Here are some resource pages that you may find useful:

What about you? Do you use another editor? If so, why?

A look at the nano text editor in GNU/Linux
Article Name
A look at the nano text editor in GNU/Linux
Mike's beginner tutorial on using the nano text editor on GNU/Linux machines walks you through the basics so that you can get started editing right away and without frustration.
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  1. pespacova said on July 25, 2017 at 1:56 pm

    Nano is a great simple editor that gets the job done and is available as default in most distros. Nano is my goto editor for 95% of my editing tasks in Linux..

    In contrast, to briefly touch on the Windows notepad application which is default, that still in 2017 and after many Windows 10 iterations, still doesn’t support UTF-8 (lets just leave it at that), thankfully there are options available, but the point is obvious.

  2. mikef90000 said on July 24, 2017 at 1:19 am

    Nano is a fine editor for quick admin tasks and is usable over SSH.
    If you have some heavy bulk editing tasks try the Hessling editor (package name ‘the’), a clone of the mainframe editor Xedit. No fussy modes to deal with ….

  3. Anonymous said on July 23, 2017 at 10:30 am

    “What about you? Do you use another editor? If so, why?”

    To paraphrase a comment I ran across some late night in a forum topic long long ago…

    “Windows with all its point an clicks presumes people are stupid while Linux on the other hand makes you prove it”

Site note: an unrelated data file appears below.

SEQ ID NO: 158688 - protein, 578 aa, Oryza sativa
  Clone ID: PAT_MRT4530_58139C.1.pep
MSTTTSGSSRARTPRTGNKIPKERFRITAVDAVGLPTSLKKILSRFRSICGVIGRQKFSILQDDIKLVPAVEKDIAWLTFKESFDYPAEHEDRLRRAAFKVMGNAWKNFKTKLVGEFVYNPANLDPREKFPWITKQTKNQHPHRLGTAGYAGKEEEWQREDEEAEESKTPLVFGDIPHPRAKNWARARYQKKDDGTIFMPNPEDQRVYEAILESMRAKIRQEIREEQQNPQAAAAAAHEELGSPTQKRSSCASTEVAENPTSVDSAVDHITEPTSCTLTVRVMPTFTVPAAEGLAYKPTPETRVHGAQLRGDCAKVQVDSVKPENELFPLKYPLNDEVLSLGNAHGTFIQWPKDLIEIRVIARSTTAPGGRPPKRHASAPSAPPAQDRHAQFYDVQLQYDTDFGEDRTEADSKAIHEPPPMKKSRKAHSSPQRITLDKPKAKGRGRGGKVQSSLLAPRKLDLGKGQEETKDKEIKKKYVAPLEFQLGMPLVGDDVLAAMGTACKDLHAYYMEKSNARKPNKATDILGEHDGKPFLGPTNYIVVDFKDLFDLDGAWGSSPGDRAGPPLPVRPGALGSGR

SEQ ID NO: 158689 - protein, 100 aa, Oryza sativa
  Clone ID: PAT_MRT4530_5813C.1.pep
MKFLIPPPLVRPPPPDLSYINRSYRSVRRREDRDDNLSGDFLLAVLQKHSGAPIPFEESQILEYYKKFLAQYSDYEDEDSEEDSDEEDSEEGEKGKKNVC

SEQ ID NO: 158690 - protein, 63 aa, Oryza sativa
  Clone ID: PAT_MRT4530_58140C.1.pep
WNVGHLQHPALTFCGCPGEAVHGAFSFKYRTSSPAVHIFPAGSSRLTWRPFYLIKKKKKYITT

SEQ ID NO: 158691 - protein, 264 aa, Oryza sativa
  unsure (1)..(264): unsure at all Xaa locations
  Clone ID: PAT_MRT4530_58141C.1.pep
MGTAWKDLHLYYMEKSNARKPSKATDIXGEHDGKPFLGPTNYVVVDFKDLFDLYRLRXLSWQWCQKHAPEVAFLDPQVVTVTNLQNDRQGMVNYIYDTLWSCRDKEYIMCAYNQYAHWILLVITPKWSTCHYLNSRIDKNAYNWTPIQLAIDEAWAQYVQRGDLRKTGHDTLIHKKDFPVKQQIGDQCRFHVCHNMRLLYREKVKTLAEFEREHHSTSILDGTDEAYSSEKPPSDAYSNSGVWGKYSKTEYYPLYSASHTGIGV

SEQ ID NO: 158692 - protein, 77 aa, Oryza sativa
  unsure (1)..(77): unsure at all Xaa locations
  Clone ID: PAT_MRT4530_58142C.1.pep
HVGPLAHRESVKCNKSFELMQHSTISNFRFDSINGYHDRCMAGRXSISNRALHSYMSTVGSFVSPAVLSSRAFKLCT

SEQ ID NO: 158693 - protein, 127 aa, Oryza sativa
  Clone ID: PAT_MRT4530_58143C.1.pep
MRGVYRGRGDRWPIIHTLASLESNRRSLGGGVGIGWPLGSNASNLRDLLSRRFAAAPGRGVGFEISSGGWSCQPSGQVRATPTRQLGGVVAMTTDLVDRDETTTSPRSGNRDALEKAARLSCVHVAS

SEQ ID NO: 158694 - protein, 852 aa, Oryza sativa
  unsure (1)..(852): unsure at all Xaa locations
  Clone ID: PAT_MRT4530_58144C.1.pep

An now that I have created a context for my answer I will just say…Im happy with who I am and prefer to use a simpler PnC approach like leafpad, Gedit or even Kate.

    1. Anonymous said on July 23, 2017 at 6:17 pm

      Nobody uses nano as their primary editor. The premise of the article is that PnC isn’t simple in a lot of remote environments.

  4. Sean said on July 23, 2017 at 1:13 am

    nano is a good turnkey editor, but if you find yourself actually reading the help page, you should bite the bullet and learn VI. Its key combos are dramatically less arthritis inducing (Ctrl+Shift+- to jump…really?), and it’s available in the base install of Solaris and BSD derivatives as well as GNU environments.

    Please don’t confuse VI with VIM either. VIM is much larger and includes a lot of usability cheats which enable novices to use it like a broken version of Notepad. Learn the basic movement commands, then search up “Your problem with Vim is that you don’t grok vi.” on Stack Exchange. If you’re on the command line and not using marks or registers regularly, you’re almost certainly doing it wrong.

  5. Lumpy Gravy said on July 22, 2017 at 9:37 pm

    In case anyone here is interested in more applications for the Linux console, there’s K.Mandla’s Inconsolation blog …


    He (she?) has tried out and commented on hundreds of them. Unfortunately the articles are indexed alphabetically by program name, so it’s impossible to browse through them by function. Still, I find this site very interesting and useful.

  6. pd said on July 22, 2017 at 5:52 pm

    Nano is a lifesaver. Not because it’s a great program, just because it’s not a horribly arcane program like most other text editors commonly installed on Linux.

    If only they could change thier strange mapping of Ctrl + S which usually results in some sort of concession to possible criticism (?) : “XOFF ignored, mumble mumble” instead of writing Out the file and eXiting it in one shot, rather than having to to Ctrl + O, then Ctrl + X for that task.

  7. Maou said on July 22, 2017 at 3:27 pm

    My router and all of my computers runs Nano, I don’t really need Vim “power”, Nano is good enough for me.
    I like to enable line numbers (nano -l)

  8. Mark Hazard said on July 22, 2017 at 2:22 pm

    I use Leafpad because it has a menu system and I don’t have to use keyboard shortcuts.

  9. HK-Rapper said on July 22, 2017 at 10:14 am

    CTRL+6 to set a start point for selection of text is great too

    nano is just more comfy than vim